After thirteen years living in New York City, Casey has never used the subway. He doesn’t like the way someone else decides when you go and how long you must wait for. He doesn’t like when those things are out of his control. So he rides a bike, and takes comfort in the fact that he knows exactly how long it’s going to take him to get to where he’s going.
Casey lives as if he’s on borrowed time, finding it necessary to remind himself how temporary everything is. “If you’re fit now, take advantage of it. If you have a free hour, take advantage of it. If you have an idea now, take advantage of it. All those things are fleeting and all those things are temporary. My biggest motivator to any question is: ‘because I can’. Why run now? Why make something now? Life gets a little bit shorter every day. I feel an obligation to cram in as much as what’s humanly possible.”
In order to carpe diem Casey must first take his health seriously. No drugs, no smoking, minimal drinking and a healthy diet go with all the exercise that he does. “Your brain is so valuable and without your body it’s limited. That’s a really scary prospect for me. I really value my body. Not to the point that I won’t take risks. If I can never walk again because the chute didn’t open, that’s fine. But to never run again because I ate too many potato chips? That’s not okay.”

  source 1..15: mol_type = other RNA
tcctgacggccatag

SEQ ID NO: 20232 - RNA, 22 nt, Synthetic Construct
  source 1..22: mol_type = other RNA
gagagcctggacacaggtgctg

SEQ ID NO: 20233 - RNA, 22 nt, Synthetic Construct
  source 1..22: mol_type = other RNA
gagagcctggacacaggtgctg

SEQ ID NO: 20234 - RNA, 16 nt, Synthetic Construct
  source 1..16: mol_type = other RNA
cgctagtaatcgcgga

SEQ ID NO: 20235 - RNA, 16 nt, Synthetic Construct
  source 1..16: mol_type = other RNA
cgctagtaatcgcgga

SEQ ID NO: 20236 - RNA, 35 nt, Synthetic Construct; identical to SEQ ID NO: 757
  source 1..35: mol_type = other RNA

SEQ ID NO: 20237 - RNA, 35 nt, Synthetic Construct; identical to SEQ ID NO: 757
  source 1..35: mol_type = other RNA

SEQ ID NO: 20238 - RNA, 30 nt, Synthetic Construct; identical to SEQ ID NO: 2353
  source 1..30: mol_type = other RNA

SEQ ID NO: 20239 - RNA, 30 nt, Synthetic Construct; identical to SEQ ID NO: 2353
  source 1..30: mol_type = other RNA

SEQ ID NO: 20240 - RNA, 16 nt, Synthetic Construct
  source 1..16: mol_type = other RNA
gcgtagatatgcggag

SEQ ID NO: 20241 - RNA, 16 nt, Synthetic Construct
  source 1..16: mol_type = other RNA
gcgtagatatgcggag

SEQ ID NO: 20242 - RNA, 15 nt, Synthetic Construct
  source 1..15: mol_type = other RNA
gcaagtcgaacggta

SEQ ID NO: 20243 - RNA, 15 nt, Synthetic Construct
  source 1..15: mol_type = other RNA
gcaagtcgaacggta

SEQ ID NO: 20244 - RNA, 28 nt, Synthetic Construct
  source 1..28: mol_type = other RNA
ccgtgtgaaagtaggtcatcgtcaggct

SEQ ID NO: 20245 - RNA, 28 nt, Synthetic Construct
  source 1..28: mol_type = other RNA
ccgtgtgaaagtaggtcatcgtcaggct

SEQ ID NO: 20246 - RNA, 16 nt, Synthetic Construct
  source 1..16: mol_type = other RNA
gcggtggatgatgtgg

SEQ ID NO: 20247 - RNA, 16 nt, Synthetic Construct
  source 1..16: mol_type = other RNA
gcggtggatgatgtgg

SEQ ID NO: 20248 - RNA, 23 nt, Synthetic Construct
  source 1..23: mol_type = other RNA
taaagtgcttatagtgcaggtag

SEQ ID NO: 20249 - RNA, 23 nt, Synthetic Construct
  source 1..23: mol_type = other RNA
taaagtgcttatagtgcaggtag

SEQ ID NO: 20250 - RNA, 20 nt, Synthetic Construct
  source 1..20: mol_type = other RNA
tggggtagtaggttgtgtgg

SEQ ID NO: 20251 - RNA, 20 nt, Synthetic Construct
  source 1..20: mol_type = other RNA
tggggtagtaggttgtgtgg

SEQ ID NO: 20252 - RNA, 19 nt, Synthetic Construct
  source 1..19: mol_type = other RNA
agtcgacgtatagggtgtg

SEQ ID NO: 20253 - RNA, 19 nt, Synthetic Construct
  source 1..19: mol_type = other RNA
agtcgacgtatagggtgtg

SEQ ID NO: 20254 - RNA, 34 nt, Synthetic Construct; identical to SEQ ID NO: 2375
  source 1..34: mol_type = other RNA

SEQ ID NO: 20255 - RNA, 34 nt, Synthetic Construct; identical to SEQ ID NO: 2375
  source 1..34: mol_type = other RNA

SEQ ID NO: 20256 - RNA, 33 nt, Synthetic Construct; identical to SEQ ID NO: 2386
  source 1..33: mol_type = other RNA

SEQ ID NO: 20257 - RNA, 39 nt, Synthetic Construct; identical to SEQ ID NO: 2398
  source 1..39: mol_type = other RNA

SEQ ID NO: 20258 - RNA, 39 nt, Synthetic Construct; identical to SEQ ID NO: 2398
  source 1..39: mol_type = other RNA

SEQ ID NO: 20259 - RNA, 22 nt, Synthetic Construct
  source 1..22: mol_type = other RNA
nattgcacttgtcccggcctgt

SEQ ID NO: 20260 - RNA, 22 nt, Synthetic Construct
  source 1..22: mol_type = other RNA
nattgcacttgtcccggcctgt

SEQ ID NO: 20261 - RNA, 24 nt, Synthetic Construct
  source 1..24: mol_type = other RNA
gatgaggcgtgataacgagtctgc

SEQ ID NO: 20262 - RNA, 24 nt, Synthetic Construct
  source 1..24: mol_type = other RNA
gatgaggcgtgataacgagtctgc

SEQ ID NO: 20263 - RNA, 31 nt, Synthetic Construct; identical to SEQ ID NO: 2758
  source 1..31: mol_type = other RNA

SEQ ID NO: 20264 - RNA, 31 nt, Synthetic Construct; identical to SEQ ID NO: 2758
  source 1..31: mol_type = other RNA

I ask about his films Calorie Detective and Soda Ban and whether he feels responsible for promoting good health to others.
“I don’t feel responsible, no. It’s more a personal frustration. As human beings we’re capable of doing so much and to curb that for something like sugar water or a cheeseburger – it’s a crime. That’s extreme but just look at the numbers in the States. We won’t have enough physically eligible men to fill our quota for the military because they’re all too fat. That’s not hyperbole. It’s unequivocal fact. More people die from obesity related diseases than starvation. Those things scare the shit out of me. Indulgence until the point of sabotage is completely unnecessary.”
We reach the summit and take in the view. Usually Casey has a ritual where he jumps from one ledge to another. I ask if he’ll do it again for the video I’ve been shooting on my GoPro and he agrees, but not before positioning the camera, framing it and making sure that everything is perfect. I get behind the camera and Casey makes the jump on his bum knee, across the chasm, landing safely on the other side. It’s not so much a leap of faith as confidence of self and a firm belief in his abilities. Like the movies that he makes.
Unfortunately you won’t see the jump in the video below, as my movie skills are severely lacking. Sorry Casey, lets shoot take two on your next trip.